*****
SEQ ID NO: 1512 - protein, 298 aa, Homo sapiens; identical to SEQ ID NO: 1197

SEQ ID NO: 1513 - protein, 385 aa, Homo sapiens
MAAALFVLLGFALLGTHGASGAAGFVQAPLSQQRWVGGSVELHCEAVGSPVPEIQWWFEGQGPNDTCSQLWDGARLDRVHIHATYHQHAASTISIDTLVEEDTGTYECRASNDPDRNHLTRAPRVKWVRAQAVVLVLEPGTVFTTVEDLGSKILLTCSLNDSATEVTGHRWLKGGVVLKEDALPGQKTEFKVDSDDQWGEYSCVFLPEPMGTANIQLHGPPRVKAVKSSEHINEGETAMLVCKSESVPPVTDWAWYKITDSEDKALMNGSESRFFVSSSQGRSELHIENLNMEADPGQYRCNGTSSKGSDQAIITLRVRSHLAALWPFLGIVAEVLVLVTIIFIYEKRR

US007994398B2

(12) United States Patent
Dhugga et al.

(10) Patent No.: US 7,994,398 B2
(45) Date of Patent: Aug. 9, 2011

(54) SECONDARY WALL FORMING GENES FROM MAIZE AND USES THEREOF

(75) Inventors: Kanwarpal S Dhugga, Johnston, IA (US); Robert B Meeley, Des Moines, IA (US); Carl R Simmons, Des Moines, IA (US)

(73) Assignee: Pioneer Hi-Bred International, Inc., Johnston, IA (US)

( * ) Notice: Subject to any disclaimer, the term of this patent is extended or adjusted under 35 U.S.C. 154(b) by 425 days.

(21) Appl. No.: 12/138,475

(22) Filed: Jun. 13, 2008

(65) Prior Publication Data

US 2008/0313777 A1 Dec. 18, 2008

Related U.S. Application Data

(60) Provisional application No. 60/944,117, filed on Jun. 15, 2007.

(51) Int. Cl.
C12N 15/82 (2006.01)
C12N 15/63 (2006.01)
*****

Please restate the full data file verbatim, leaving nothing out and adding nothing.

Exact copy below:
SEQ ID NO: 1512 - protein, 298 aa, Homo sapiens; identical to SEQ ID NO: 1197

SEQ ID NO: 1513 - protein, 385 aa, Homo sapiens
MAAALFVLLGFALLGTHGASGAAGFVQAPLSQQRWVGGSVELHCEAVGSPVPEIQWWFEGQGPNDTCSQLWDGARLDRVHIHATYHQHAASTISIDTLVEEDTGTYECRASNDPDRNHLTRAPRVKWVRAQAVVLVLEPGTVFTTVEDLGSKILLTCSLNDSATEVTGHRWLKGGVVLKEDALPGQKTEFKVDSDDQWGEYSCVFLPEPMGTANIQLHGPPRVKAVKSSEHINEGETAMLVCKSESVPPVTDWAWYKITDSEDKALMNGSESRFFVSSSQGRSELHIENLNMEADPGQYRCNGTSSKGSDQAIITLRVRSHLAALWPFLGIVAEVLVLVTIIFIYEKRR

US007994398B2

(12) United States Patent
Dhugga et al.

(10) Patent No.: US 7,994,398 B2
(45) Date of Patent: Aug. 9, 2011

(54) SECONDARY WALL FORMING GENES FROM MAIZE AND USES THEREOF

(75) Inventors: Kanwarpal S Dhugga, Johnston, IA (US); Robert B Meeley, Des Moines, IA (US); Carl R Simmons, Des Moines, IA (US)

(73) Assignee: Pioneer Hi-Bred International, Inc., Johnston, IA (US)

( * ) Notice: Subject to any disclaimer, the term of this patent is extended or adjusted under 35 U.S.C. 154(b) by 425 days.

(21) Appl. No.: 12/138,475

(22) Filed: Jun. 13, 2008

(65) Prior Publication Data

US 2008/0313777 A1 Dec. 18, 2008

Related U.S. Application Data

(60) Provisional application No. 60/944,117, filed on Jun. 15, 2007.

(51) Int. Cl.
C12N 15/82 (2006.01)
C12N 15/63 (2006.01)